Being a Bitch is a Timeless Occupation

I apologize for this past month or so of radio silence. Belén was attending wedding after wedding. I was in the process of a break up and moving. Now we’re back though! And we don’t even want to go out anymore because Portland winter has begun, meaning it’s time for constant drizzle and hot toddies.

Being a Bitch is a Timeless Occupation FinalThe above comic derived from a joke I made to a friend about how a woman can be a bitch forever, and it’s true. We’re a bit more conscious as a society of how calling a woman a bitch is essentially writing them off as a variety of things, but always, always someone who does not deserve our time or attention. I appreciate attempts to reappropriate the term bitch, Bitch magazine coming quickly to mind because it is usually a quick and cutting insult. The word may be used as an intended barb, but to transform it to mean a fiercely opinionated person who doesn’t take shit from anyone, well then, I wouldn’t mind being called a bitch forever.

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Ultra by Shannon Curtin

While waiting for weeks to find out if my unborn child would be declared a son or daughter, I scoured the internet for insider information. Pouring over potty shots on various baby websites, I learned from other genital-obsessed, with-child women that sonogram technology has advanced in recent years; identifying a fetus as female no longer rests on the absence of a penis, but now includes the detection of definitive labia. This is nothing short of a victory.

I like to point out to my I’m not a feminist, but acquaintances that until relatively recently men could legally rape their wives in the United States and that workplace sexual harassment was made unlawful in my lifetime. Earlier this year, a sexually assaulted student at one of our country’s most prestigious universities gave up her fight to have her attacker relocated out of her residence hall. After months of pleading, the university told her that she, the victim, was free to move if she wished and washed their hands of any responsibility.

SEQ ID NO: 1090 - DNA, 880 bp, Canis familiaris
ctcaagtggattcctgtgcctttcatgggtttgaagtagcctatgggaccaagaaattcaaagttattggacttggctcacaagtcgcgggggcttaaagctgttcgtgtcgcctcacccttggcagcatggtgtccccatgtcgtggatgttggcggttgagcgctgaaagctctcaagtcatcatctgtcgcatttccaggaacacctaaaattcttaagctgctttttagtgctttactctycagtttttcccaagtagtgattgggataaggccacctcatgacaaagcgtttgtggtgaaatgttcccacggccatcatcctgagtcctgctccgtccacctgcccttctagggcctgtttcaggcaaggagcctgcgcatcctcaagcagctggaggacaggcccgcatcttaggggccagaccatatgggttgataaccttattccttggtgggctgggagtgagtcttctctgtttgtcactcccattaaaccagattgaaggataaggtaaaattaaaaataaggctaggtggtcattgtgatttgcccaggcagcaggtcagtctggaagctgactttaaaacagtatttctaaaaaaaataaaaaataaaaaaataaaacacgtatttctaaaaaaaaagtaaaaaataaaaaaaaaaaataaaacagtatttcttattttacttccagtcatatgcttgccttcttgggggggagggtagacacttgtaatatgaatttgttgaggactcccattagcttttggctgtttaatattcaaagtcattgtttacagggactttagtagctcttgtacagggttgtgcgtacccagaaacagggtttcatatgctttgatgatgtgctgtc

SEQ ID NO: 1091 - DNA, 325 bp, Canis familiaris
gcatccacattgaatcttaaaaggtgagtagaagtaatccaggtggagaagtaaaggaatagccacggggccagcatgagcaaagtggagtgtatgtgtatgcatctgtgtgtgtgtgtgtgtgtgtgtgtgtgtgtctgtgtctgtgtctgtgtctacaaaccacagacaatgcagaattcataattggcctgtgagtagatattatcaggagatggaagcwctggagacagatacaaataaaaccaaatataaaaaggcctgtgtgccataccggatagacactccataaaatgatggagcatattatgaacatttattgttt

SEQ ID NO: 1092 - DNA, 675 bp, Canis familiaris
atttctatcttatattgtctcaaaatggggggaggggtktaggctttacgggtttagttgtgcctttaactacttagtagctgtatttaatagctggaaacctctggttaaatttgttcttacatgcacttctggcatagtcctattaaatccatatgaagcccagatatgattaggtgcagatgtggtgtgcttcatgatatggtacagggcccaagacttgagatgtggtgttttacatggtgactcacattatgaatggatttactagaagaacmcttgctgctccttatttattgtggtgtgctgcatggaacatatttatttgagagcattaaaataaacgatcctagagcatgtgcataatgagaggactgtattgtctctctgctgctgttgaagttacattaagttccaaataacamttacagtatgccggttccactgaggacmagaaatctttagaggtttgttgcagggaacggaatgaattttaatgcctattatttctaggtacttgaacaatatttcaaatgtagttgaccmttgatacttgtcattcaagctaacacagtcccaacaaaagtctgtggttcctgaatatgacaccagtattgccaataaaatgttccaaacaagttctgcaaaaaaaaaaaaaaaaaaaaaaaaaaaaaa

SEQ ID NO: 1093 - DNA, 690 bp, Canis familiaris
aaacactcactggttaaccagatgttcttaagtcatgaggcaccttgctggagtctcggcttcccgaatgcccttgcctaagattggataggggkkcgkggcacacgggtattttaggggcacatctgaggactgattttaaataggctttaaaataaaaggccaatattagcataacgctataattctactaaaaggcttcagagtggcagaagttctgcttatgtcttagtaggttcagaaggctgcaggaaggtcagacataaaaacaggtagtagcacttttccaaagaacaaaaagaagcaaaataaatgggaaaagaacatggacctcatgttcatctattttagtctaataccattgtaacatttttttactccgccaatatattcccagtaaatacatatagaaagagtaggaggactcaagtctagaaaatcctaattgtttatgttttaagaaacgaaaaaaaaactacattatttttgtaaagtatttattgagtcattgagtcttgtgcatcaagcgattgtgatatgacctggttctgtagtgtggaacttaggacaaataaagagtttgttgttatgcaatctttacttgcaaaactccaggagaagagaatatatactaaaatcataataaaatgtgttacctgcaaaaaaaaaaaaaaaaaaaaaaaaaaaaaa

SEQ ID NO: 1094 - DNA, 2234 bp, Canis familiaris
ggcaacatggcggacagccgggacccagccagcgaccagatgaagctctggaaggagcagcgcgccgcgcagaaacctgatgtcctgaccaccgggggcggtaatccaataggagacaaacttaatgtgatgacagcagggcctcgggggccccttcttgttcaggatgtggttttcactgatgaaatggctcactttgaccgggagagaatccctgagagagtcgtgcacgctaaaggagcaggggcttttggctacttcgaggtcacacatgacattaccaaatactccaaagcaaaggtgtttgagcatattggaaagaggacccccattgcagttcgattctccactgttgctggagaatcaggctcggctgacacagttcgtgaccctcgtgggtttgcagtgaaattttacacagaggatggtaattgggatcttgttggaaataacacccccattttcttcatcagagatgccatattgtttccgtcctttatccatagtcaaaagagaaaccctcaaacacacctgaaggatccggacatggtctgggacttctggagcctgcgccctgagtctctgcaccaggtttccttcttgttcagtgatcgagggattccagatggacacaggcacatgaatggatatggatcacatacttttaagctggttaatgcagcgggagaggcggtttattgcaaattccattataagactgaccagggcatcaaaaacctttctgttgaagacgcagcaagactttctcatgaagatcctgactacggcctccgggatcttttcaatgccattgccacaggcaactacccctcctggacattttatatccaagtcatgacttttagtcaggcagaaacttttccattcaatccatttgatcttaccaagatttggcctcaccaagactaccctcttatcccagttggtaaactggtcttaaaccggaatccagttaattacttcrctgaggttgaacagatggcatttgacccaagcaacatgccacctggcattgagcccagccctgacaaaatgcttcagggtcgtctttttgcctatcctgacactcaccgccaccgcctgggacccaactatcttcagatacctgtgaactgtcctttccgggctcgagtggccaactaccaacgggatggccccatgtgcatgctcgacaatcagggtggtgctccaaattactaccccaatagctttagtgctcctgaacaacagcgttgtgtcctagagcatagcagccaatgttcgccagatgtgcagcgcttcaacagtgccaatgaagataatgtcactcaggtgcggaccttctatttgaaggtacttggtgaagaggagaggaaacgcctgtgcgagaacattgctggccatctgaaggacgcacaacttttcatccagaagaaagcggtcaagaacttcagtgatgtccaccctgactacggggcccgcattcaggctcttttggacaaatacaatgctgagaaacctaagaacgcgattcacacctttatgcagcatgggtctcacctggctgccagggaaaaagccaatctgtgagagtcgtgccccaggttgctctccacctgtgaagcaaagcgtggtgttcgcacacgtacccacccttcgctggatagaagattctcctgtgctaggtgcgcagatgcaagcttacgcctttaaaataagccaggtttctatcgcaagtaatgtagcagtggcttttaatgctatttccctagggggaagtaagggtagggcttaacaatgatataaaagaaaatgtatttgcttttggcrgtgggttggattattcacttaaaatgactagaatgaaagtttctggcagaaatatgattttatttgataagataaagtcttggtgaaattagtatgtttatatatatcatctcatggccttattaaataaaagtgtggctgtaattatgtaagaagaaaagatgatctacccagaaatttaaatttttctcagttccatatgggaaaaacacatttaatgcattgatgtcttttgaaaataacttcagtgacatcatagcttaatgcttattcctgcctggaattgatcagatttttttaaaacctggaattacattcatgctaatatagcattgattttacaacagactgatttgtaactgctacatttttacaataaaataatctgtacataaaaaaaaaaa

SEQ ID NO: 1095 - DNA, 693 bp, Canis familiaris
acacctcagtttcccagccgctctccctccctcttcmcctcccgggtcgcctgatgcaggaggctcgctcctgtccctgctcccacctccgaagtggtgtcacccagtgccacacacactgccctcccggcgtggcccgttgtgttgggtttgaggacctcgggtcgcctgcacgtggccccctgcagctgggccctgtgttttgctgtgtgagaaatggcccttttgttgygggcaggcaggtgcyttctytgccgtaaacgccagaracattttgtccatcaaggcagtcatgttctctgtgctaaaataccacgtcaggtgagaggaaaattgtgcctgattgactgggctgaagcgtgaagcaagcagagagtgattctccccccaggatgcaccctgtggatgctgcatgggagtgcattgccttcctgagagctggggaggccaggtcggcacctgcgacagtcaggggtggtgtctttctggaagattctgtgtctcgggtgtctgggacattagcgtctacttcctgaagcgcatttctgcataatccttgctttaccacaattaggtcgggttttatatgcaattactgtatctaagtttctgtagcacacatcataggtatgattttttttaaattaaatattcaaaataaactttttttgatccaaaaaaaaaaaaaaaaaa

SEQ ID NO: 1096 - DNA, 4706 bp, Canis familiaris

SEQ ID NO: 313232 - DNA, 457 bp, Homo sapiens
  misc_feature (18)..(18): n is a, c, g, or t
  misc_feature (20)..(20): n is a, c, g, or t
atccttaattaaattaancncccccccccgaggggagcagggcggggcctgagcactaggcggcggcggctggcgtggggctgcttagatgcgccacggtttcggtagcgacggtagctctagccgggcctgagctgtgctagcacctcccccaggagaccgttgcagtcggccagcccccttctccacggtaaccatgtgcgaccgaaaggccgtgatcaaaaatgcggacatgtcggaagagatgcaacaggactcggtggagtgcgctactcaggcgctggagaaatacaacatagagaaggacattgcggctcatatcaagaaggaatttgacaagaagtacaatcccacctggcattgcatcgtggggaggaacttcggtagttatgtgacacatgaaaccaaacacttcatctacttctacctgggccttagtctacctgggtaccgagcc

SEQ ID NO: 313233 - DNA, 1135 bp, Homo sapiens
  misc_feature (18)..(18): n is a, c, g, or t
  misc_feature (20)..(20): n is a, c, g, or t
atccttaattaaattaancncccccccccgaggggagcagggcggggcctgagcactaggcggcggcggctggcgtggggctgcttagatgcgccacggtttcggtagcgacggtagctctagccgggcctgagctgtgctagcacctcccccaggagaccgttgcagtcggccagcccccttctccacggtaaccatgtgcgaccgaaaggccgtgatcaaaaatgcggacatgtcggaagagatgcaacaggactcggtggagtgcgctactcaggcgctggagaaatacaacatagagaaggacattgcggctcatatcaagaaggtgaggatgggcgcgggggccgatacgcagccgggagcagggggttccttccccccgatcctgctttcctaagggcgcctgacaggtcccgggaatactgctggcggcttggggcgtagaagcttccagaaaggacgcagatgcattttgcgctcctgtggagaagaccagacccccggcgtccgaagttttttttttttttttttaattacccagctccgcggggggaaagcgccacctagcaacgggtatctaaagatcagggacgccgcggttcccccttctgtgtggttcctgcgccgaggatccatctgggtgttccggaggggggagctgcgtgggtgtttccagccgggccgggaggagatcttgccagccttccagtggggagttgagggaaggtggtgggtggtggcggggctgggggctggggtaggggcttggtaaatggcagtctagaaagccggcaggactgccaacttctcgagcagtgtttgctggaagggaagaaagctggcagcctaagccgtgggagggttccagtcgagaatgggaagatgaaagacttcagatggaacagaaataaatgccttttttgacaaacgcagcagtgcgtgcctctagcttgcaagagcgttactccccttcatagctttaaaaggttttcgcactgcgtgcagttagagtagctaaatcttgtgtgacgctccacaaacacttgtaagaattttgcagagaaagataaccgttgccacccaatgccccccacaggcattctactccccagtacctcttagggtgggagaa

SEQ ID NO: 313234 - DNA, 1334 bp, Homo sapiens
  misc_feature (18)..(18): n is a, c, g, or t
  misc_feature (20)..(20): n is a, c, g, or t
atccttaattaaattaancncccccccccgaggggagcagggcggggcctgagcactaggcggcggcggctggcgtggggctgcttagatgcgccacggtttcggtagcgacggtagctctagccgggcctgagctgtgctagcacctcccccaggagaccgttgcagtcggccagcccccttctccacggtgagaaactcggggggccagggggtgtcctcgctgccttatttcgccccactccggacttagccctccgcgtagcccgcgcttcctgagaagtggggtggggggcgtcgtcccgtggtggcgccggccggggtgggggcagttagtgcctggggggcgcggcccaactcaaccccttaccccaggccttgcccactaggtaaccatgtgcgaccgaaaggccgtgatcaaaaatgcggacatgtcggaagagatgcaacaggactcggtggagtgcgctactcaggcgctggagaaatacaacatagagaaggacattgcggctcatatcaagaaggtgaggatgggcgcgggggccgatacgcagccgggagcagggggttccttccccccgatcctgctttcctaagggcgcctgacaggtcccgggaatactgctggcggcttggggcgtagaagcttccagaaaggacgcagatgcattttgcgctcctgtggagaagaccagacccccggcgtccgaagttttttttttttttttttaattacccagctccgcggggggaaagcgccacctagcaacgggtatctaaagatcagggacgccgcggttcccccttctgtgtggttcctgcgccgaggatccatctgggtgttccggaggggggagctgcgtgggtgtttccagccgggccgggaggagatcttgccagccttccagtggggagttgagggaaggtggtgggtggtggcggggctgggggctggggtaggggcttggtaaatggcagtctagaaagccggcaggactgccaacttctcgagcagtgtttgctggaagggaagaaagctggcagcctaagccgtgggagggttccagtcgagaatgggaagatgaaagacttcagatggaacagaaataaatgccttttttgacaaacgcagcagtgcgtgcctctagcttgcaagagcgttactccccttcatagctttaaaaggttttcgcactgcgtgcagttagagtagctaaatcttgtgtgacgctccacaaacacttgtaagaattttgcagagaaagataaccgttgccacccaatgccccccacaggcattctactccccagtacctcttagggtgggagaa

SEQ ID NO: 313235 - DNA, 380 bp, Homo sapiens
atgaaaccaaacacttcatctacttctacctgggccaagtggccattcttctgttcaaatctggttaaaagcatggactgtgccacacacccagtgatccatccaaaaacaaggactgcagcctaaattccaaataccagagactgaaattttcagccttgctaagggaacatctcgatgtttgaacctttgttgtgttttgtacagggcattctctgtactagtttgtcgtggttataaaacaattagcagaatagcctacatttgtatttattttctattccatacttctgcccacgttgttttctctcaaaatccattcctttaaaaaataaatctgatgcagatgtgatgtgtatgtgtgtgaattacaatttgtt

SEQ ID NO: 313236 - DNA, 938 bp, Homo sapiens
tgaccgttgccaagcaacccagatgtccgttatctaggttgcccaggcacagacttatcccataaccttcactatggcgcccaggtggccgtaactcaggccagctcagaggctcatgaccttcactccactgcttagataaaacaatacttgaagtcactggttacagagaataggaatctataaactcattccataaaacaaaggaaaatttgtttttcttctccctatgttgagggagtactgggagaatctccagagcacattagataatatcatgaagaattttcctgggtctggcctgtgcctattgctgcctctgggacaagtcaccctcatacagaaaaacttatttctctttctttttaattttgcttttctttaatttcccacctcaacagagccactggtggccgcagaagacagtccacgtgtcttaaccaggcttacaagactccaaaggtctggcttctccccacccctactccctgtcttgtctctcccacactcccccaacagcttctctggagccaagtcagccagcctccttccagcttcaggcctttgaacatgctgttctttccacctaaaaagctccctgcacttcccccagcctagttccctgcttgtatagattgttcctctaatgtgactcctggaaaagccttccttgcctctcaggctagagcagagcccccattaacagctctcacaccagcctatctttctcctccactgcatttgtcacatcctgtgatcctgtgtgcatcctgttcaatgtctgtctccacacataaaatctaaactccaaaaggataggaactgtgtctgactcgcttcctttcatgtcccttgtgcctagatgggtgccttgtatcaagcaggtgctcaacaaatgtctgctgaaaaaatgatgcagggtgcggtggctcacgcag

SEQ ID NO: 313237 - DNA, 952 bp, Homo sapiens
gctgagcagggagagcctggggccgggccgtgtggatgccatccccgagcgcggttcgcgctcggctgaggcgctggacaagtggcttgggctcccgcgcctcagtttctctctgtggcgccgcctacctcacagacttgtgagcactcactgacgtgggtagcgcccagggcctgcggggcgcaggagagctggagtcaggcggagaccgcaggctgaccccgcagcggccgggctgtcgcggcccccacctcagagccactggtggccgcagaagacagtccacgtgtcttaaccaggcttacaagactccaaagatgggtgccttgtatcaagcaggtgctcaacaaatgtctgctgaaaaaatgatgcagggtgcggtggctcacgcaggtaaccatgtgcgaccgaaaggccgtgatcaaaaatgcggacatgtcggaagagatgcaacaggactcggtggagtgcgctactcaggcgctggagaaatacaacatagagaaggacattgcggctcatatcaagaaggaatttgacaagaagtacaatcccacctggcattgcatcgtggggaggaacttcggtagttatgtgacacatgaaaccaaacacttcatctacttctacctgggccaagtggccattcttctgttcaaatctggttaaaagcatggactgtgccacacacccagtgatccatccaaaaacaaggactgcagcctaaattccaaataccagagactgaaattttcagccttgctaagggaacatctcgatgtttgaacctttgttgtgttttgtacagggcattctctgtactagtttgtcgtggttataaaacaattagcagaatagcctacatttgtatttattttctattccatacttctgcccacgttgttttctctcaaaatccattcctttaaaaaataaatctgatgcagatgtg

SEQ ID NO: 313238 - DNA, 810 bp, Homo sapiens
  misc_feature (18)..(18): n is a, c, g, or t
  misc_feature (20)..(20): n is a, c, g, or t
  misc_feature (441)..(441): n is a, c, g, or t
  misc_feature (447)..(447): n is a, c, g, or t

Even in utero females have historically found their identity in absence, they are categorized as not male, the second half of an if/then statement, the other. They are marked as lacking before they take their first breath. We tell ourselves things have changed, that women are no longer second class. Women, we say, are out-performing men in schools. They are capable, respected, and present in every possible industry. They say we have come so far.

But in darkened rooms we still look at screens with images that tell us when there is something damaged, something suspect, something missing; the result is often girl.


Shannon J. Curtin is a displaced Yankee currently residing in Portsmouth, Virginia with her husband and dog. Her poetry has been featured in various publications including Short, Fast, and Deadly, Vox Poetica, y’all’d’ve, and The Camel Saloon. Her first chapbook, File Cabinet Heart, is forthcoming from Emerge Literary Publications. She holds an MBA, competitive shooting records, and her liquor. She would probably like you.